Cyber crimes 'on the rise' during Covid-19 lockdown, warn experts

29 April 2020 - 07:00
By Ernest Mabuza
Cyber attacks in SA have been increasing during the Covid-19 pandemic.
Image: 123RF / Glebstock Cyber attacks in SA have been increasing during the Covid-19 pandemic.

The global Covid-19 pandemic is not only a health issue: cyber attacks are also on the rise as more and more people work from home during the lockdown.

Vodacom says it has seen a 40% jump in data usage during the lockdown as many people spend far more time online than usual, including performing day-to-day tasks such as shopping, banking, watching content and socialising.

Cyber criminals have quickly seized the opportunities to exploit the crisis by adapting their modes of operation and developing new cyber-related attacks and online criminal activities, it warned.

"In view of the global pandemic, cyber attacks are on the rise as we continue to shift to remote working," said Jacob Kutumela, the company's head of forensic services.

"Cyber criminals are well aware that people are spending more time online and have been targeting them with innovative scams suited to the current environment."

He said this period was the perfect time for cyber criminals to prey on anxious and less tech-savvy consumers who are desperately looking for the latest Covid-19 news and information.

Kutumela said there are several scams on the go, including phishing, where e-mails designed to look like they come from a reputable source are intended to deceive the consumer into disclosing personal or confidential information and/or allow access to their accounts.

"Phishing scams can take many forms, including e-mails designed to look like they are from official sources, government authorities or financial institutions," he said.

Another popular way in which cyber criminals can defraud people of their of money is through electronic requests for charitable donations.

"While fake charity approaches occur all year round, there is a significant increase in these during the times of real disasters or emergencies, such as the current Covid-19 pandemic," said Kutumela.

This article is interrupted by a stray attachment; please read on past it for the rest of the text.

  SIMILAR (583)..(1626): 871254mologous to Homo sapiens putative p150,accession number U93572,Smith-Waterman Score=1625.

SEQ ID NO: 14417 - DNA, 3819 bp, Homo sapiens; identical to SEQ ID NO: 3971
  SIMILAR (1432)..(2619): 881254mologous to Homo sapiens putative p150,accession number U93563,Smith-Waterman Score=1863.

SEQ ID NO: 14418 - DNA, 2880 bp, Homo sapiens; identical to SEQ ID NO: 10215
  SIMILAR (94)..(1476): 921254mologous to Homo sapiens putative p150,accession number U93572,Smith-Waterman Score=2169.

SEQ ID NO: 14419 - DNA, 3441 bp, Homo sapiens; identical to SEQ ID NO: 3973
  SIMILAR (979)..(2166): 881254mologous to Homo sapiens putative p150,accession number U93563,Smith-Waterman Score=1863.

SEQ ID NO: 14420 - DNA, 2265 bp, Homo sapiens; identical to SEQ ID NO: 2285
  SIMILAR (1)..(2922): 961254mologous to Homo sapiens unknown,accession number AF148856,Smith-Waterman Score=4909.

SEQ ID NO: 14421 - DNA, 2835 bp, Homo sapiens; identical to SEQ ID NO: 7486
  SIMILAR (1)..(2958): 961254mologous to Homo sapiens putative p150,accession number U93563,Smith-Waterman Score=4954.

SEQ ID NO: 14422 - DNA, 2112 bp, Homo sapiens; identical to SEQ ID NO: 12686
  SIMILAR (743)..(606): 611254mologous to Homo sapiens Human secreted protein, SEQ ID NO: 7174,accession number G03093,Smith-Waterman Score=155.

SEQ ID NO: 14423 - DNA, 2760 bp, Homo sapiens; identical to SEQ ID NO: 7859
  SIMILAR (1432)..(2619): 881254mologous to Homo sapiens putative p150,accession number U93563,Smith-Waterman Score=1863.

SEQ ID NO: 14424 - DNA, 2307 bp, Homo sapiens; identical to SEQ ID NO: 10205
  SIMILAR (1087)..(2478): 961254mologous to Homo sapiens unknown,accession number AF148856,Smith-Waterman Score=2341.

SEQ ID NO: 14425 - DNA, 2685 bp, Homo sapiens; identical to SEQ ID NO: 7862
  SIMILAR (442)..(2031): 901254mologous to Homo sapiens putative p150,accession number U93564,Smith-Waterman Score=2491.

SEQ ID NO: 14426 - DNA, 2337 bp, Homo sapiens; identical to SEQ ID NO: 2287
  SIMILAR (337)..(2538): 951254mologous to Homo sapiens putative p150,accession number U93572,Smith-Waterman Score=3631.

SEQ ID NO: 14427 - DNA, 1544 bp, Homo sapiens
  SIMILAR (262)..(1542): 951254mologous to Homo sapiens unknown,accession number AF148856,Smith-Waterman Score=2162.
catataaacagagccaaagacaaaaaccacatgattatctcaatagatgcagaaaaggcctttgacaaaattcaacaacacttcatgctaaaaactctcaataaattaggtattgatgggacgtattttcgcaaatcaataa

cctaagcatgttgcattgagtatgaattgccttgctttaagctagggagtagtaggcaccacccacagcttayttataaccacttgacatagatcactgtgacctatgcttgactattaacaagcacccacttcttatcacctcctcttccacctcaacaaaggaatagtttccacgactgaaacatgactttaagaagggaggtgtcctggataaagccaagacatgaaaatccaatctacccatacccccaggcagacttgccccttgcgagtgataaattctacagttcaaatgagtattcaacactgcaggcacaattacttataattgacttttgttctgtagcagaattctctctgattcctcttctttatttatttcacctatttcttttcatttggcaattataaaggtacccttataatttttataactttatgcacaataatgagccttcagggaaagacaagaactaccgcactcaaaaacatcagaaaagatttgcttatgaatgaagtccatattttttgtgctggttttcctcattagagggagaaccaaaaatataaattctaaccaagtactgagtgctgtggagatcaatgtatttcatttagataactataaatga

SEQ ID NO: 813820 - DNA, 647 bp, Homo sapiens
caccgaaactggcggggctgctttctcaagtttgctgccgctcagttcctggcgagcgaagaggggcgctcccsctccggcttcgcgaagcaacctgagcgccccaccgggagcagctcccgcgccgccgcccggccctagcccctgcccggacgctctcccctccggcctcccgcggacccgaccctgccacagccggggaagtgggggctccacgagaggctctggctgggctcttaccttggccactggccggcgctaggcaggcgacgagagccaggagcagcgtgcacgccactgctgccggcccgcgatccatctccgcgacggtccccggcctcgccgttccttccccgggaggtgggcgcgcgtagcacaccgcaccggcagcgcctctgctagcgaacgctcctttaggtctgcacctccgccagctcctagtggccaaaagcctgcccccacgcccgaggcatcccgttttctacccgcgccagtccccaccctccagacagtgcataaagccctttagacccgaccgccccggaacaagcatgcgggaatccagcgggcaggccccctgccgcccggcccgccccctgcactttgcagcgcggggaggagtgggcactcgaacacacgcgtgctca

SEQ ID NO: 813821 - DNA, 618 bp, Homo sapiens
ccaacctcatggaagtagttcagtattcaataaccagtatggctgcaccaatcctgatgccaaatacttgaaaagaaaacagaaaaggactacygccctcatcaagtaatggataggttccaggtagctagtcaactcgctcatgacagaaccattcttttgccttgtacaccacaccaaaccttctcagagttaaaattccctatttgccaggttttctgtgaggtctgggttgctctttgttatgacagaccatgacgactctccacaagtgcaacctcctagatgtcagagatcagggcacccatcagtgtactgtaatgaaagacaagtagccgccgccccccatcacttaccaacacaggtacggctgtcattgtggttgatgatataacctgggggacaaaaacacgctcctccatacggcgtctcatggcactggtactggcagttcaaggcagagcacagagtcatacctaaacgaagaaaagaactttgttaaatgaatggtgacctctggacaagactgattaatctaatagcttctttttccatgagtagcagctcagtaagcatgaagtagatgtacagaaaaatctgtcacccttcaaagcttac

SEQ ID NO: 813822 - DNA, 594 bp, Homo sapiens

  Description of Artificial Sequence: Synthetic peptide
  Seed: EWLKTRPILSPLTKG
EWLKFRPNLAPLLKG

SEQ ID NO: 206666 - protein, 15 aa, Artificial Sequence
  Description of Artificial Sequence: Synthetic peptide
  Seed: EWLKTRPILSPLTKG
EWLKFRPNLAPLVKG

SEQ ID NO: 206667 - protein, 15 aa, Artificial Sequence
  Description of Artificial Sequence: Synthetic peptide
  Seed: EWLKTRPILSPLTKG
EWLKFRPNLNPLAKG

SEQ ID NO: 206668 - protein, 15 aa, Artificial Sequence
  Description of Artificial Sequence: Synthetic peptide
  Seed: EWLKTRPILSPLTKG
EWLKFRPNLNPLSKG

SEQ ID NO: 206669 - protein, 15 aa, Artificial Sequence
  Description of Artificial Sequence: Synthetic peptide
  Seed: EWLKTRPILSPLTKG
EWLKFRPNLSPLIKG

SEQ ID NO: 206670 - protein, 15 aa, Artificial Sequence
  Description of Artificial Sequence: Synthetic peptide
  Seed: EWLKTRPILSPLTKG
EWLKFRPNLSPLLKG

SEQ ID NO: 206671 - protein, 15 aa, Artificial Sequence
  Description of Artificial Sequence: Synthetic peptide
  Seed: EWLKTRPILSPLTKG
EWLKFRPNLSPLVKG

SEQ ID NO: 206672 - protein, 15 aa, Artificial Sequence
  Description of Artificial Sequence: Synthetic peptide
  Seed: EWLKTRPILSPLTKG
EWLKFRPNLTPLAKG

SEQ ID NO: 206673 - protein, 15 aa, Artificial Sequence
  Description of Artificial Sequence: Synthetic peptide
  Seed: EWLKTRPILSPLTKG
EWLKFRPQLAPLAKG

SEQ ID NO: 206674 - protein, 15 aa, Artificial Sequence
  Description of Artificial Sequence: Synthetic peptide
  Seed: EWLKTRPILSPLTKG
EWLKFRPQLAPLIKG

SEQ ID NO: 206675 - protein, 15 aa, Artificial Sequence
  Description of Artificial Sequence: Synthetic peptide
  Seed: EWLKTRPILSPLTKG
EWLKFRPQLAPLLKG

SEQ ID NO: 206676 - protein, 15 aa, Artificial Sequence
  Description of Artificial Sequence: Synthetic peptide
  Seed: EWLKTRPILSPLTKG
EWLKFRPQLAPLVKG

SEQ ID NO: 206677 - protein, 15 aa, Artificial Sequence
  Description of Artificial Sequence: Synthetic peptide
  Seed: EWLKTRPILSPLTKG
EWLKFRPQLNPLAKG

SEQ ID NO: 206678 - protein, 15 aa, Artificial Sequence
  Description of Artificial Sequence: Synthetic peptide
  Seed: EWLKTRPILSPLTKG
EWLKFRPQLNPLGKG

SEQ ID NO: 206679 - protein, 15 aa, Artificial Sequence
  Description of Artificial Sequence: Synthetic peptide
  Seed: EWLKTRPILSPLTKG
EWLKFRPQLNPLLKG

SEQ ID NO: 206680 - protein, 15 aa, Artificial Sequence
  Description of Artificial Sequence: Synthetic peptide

"Cyber criminals may pose as agents of legitimate well-known charities or create their own charities and request donations for medical research or to support victims and their families."

To protect against these scams, Kutumela advised people to never click on links or open attachments in e-mails they were not expecting or which appear suspicious.

"Verify the authenticity of a website before entering sensitive or personal information," he added.

University of Cape Town (UCT) senior systems engineer Ghamza Jacobs urged employers to provide employees working from home during the lockdown with sanctioned technology and applications.

In a webinar hosted by the Western Cape chapter of the Institute of Information Technology Professionals SA (IITPSA), Jacobs warned that cyber criminals could try to spoof legitimate tools during this time in order to trick users into downloading malicious programmes.

"It is very important that users are not left to their own devices, to Google 'business tools' and download any applications they find," said Jacobs.

"Employers should always have sanctioned technologies and services, and they should create a trusted source for particular purposes. They need to be clear on what they should be using and where to get it."